During the month of protests against police brutality in Philadelphia, more than 750 people were arrested for curfew violations, failure to disperse, and disorderly conduct. Many were handcuffed, taken to remote police districts, and kept in hot cars or buses for hours — some so long they urinated on themselves or began pleading for water. Then, they were released not with criminal charges but civil citations, the type of ticket given for high weeds or litter.

Less than a week after an Inquirer report on allegations the practice was a violation of free speech, Mayor Jim Kenney on Wednesday announced that all of the code-violation notices issued to protesters from May 30 to June 30 would be waived. (The decision has no bearing on cases involving criminal charges.)

“My decision to waive these violations is not a statement on the validity of the individual citations,” Kenney said in a statement. “Rather, it is a recognition of the core concerns that caused thousands to demonstrate on the streets of Philadelphia. In waiving these notices, I recognize that those issues are vitally important, that the pain of those marching is very real, and that their message — Black lives matter — needs to be heard every day until systemic racism is fully eradicated from this city and nation.”

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City Solicitor Marcel S. Pratt added in a statement that pursuing the violations “would have served no useful purpose.”

Lawyers who had been organizing to help protesters contest the violations, led by Philadelphia Lawyers for Social Equity (PLSE), said they believed most citations would have been tossed out, because few contained basic information to state probable cause for a violation.

PLSE attorney Taylor Pacheco said volunteer attorneys began submitting those appeals last week, and commended the mayor on stepping up and recognizing the importance of the moment.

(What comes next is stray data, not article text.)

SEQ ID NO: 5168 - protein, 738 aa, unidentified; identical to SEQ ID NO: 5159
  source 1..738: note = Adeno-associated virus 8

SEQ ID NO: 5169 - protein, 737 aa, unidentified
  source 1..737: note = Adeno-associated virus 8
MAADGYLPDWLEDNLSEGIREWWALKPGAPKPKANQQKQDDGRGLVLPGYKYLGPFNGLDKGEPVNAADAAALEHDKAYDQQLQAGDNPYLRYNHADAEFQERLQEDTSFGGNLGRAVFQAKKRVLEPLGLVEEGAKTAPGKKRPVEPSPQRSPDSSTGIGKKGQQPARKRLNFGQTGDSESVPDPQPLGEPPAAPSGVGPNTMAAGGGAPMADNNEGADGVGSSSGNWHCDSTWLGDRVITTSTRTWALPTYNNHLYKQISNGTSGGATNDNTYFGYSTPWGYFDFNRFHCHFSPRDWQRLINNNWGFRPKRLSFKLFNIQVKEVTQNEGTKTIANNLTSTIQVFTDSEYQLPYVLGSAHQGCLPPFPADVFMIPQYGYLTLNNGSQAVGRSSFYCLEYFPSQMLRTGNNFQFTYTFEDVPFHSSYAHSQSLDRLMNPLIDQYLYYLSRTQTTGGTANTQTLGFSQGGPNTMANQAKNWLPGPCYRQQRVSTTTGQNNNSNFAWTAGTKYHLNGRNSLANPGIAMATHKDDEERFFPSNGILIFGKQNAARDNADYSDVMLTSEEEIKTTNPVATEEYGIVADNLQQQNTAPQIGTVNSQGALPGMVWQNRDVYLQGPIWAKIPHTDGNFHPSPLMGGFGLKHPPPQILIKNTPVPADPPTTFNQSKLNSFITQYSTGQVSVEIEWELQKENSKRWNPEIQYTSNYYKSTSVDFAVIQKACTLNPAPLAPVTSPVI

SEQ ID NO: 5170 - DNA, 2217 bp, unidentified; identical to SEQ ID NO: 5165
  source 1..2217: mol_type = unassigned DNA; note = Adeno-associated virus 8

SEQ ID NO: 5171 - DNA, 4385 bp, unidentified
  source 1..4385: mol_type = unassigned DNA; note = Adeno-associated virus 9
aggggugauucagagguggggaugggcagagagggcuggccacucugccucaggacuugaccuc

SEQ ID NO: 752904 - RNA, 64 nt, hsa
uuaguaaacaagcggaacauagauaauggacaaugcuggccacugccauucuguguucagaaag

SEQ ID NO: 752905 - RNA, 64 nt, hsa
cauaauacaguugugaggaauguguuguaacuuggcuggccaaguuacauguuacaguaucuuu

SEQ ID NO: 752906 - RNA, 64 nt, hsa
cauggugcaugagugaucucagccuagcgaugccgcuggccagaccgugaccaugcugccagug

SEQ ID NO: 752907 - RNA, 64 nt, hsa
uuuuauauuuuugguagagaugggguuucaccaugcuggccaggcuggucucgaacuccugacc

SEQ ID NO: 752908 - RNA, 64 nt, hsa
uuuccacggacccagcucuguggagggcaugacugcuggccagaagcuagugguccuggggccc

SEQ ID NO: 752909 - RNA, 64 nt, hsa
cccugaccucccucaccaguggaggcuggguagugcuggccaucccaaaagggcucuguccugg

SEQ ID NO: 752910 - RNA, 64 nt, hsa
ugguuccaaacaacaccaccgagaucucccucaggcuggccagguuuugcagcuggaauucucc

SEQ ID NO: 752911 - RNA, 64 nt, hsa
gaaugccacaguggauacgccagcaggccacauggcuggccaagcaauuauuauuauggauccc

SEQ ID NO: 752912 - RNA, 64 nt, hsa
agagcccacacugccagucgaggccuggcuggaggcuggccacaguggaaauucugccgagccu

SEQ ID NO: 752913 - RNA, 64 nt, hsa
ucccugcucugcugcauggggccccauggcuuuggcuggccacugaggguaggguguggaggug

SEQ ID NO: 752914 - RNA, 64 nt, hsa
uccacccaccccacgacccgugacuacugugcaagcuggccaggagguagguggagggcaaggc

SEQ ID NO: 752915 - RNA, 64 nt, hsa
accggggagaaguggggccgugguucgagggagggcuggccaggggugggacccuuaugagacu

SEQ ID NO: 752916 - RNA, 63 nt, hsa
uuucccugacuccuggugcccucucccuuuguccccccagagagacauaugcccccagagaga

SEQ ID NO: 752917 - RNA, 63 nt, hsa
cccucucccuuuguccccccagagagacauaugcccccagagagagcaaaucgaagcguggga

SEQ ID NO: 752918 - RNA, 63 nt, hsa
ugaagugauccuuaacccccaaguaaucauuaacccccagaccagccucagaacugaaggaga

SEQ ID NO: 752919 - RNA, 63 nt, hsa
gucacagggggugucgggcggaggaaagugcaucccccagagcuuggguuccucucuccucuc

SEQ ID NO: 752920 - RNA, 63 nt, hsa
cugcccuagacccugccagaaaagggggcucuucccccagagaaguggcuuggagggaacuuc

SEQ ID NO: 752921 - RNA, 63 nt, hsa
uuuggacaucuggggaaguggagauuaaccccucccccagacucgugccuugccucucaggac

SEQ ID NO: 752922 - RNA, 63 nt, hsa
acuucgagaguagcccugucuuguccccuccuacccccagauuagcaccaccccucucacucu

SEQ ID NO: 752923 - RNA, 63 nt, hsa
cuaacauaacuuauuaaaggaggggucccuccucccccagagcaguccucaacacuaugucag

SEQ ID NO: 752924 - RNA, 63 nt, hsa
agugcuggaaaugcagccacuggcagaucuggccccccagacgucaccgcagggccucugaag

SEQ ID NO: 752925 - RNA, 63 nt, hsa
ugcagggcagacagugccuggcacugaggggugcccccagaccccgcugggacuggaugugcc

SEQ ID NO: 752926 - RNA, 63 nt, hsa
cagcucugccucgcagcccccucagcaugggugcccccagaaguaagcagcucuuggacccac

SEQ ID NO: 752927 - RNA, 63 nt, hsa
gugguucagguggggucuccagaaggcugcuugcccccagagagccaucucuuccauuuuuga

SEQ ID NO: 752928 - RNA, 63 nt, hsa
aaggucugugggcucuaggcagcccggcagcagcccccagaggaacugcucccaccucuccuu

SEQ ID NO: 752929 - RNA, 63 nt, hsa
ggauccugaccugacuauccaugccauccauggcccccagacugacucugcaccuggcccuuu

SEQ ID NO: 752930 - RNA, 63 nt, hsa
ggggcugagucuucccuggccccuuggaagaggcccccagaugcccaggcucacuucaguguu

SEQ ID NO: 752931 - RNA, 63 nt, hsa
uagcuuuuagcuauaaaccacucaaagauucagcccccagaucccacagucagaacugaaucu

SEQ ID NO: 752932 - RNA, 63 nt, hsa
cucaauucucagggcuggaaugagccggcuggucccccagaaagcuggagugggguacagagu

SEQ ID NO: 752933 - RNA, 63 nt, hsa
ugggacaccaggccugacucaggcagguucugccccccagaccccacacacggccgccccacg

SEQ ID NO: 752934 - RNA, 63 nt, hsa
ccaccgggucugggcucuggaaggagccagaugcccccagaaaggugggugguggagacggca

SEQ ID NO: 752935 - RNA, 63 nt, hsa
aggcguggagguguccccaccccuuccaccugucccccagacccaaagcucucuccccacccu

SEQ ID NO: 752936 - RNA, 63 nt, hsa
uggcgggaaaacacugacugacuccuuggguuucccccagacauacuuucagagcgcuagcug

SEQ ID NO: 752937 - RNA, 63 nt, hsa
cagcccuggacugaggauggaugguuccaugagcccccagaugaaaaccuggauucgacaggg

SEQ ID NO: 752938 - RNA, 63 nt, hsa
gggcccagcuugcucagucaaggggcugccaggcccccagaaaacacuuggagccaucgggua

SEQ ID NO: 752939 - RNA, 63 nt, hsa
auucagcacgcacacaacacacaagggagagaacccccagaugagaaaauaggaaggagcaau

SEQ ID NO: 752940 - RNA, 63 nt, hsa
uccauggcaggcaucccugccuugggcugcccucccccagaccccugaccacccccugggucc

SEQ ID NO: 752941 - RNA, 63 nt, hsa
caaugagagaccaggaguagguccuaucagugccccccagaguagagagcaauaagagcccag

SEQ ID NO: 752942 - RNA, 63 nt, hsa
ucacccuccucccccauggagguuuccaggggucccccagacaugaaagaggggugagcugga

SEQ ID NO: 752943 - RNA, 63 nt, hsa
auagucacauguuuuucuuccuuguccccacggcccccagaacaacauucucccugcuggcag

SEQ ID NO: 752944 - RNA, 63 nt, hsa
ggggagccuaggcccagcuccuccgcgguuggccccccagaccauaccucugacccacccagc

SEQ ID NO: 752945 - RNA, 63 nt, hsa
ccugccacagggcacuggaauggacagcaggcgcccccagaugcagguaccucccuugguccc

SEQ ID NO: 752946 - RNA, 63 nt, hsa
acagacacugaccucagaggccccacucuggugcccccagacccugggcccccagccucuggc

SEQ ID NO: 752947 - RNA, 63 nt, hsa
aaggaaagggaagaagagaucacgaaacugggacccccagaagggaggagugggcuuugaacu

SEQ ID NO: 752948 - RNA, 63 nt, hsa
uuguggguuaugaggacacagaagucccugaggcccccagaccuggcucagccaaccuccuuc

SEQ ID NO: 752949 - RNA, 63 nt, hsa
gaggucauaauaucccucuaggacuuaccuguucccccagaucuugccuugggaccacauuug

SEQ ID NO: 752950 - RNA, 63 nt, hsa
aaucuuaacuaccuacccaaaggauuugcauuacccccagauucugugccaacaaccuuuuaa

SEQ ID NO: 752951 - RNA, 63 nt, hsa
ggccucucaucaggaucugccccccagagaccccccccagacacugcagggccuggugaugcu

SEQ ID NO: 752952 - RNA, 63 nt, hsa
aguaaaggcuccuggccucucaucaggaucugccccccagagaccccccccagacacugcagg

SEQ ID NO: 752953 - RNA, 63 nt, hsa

On the other hand, she said, “I think it really does raise a question of whether or not there was any intention to the arrests besides interfering with the protests. As glad as we are to see these dismissed, we maintain that they never should have happened.”

Paul Hetznecker, a civil rights attorney who works with the Up Against the Law legal collective to represent protesters, said the city should go further and review its policies around arresting and citing protesters. In his view, the arrests were illegal whether or not the citations are waived, and could be grounds for civil rights lawsuits.

“Whether they want to admit it or not, the civil citations were in violation of the constitutional rights of all of those that participated in peaceful, lawful protest protected by the First Amendment,” he said. “This is a vindication of those protections.”

Kenney’s decision may do little to appease protesters like Steph Drain, an organizer and community college student who wants to see drastically reduced funding to the Philadelphia police. Drain was arrested at the Municipal Services Building in June, placed in handcuffs, taken to a police station about three miles away from the protest, and given a ticket for failure to disperse.

“I think it’s symbolic because he hasn’t moved to defund the Police Department,” Drain said. “They can waive these. But there will just be more [citations] to come if he doesn’t defund the Police Department. We’re not going to stay out of the streets. We’re going to keep demonstrating.”